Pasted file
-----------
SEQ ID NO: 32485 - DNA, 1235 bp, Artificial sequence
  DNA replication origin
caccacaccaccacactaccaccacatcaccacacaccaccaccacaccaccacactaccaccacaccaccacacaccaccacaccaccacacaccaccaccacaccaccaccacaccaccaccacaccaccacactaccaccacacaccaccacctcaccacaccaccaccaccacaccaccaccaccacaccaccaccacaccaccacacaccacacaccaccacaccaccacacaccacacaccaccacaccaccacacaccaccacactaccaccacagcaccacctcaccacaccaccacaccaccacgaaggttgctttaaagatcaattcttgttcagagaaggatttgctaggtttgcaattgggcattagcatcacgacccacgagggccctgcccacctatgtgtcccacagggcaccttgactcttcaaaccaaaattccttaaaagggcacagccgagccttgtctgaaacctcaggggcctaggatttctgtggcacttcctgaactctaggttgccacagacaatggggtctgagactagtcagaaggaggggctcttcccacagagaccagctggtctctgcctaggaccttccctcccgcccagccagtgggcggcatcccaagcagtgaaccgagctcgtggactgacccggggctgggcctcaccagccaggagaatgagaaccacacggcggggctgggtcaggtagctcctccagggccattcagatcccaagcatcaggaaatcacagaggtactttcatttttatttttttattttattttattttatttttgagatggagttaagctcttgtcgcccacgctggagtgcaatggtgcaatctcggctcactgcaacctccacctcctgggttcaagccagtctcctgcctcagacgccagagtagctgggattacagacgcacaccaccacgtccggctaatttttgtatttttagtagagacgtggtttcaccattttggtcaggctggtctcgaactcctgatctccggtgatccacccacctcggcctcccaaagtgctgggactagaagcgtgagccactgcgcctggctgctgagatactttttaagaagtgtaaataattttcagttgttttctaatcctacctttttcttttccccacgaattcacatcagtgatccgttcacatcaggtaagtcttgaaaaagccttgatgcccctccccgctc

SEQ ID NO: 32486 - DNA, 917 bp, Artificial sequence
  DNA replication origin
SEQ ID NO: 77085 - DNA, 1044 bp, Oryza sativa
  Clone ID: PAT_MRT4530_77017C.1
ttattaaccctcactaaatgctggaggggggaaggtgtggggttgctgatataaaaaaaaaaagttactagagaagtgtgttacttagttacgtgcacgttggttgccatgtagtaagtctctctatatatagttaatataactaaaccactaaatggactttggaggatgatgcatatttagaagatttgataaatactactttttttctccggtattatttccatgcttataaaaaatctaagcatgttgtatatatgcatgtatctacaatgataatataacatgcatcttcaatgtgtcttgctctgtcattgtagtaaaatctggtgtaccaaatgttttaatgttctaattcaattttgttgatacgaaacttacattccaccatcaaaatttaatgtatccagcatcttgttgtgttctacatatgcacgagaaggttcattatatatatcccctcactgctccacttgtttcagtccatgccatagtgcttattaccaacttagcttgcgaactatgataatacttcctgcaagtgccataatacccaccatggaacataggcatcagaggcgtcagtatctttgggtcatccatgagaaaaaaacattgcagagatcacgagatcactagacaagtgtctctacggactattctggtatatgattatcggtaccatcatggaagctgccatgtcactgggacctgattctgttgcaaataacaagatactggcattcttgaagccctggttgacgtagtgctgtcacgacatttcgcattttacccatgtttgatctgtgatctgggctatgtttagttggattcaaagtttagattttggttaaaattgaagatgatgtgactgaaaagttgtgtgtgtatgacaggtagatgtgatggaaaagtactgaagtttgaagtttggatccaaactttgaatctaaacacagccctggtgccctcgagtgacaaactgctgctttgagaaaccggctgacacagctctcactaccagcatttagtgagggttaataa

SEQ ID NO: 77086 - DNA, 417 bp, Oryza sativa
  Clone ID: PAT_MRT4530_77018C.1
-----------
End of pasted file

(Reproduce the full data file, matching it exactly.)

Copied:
SEQ ID NO: 32485 - DNA, 1235 bp, Artificial sequence
  DNA replication origin
caccacaccaccacactaccaccacatcaccacacaccaccaccacaccaccacactaccaccacaccaccacacaccaccacaccaccacacaccaccaccacaccaccaccacaccaccaccacaccaccacactaccaccacacaccaccacctcaccacaccaccaccaccacaccaccaccaccacaccaccaccacaccaccacacaccacacaccaccacaccaccacacaccacacaccaccacaccaccacacaccaccacactaccaccacagcaccacctcaccacaccaccacaccaccacgaaggttgctttaaagatcaattcttgttcagagaaggatttgctaggtttgcaattgggcattagcatcacgacccacgagggccctgcccacctatgtgtcccacagggcaccttgactcttcaaaccaaaattccttaaaagggcacagccgagccttgtctgaaacctcaggggcctaggatttctgtggcacttcctgaactctaggttgccacagacaatggggtctgagactagtcagaaggaggggctcttcccacagagaccagctggtctctgcctaggaccttccctcccgcccagccagtgggcggcatcccaagcagtgaaccgagctcgtggactgacccggggctgggcctcaccagccaggagaatgagaaccacacggcggggctgggtcaggtagctcctccagggccattcagatcccaagcatcaggaaatcacagaggtactttcatttttatttttttattttattttattttatttttgagatggagttaagctcttgtcgcccacgctggagtgcaatggtgcaatctcggctcactgcaacctccacctcctgggttcaagccagtctcctgcctcagacgccagagtagctgggattacagacgcacaccaccacgtccggctaatttttgtatttttagtagagacgtggtttcaccattttggtcaggctggtctcgaactcctgatctccggtgatccacccacctcggcctcccaaagtgctgggactagaagcgtgagccactgcgcctggctgctgagatactttttaagaagtgtaaataattttcagttgttttctaatcctacctttttcttttccccacgaattcacatcagtgatccgttcacatcaggtaagtcttgaaaaagccttgatgcccctccccgctc

SEQ ID NO: 32486 - DNA, 917 bp, Artificial sequence
  DNA replication origin
SEQ ID NO: 77085 - DNA, 1044 bp, Oryza sativa
  Clone ID: PAT_MRT4530_77017C.1
ttattaaccctcactaaatgctggaggggggaaggtgtggggttgctgatataaaaaaaaaaagttactagagaagtgtgttacttagttacgtgcacgttggttgccatgtagtaagtctctctatatatagttaatataactaaaccactaaatggactttggaggatgatgcatatttagaagatttgataaatactactttttttctccggtattatttccatgcttataaaaaatctaagcatgttgtatatatgcatgtatctacaatgataatataacatgcatcttcaatgtgtcttgctctgtcattgtagtaaaatctggtgtaccaaatgttttaatgttctaattcaattttgttgatacgaaacttacattccaccatcaaaatttaatgtatccagcatcttgttgtgttctacatatgcacgagaaggttcattatatatatcccctcactgctccacttgtttcagtccatgccatagtgcttattaccaacttagcttgcgaactatgataatacttcctgcaagtgccataatacccaccatggaacataggcatcagaggcgtcagtatctttgggtcatccatgagaaaaaaacattgcagagatcacgagatcactagacaagtgtctctacggactattctggtatatgattatcggtaccatcatggaagctgccatgtcactgggacctgattctgttgcaaataacaagatactggcattcttgaagccctggttgacgtagtgctgtcacgacatttcgcattttacccatgtttgatctgtgatctgggctatgtttagttggattcaaagtttagattttggttaaaattgaagatgatgtgactgaaaagttgtgtgtgtatgacaggtagatgtgatggaaaagtactgaagtttgaagtttggatccaaactttgaatctaaacacagccctggtgccctcgagtgacaaactgctgctttgagaaaccggctgacacagctctcactaccagcatttagtgagggttaataa

SEQ ID NO: 77086 - DNA, 417 bp, Oryza sativa
  Clone ID: PAT_MRT4530_77018C.1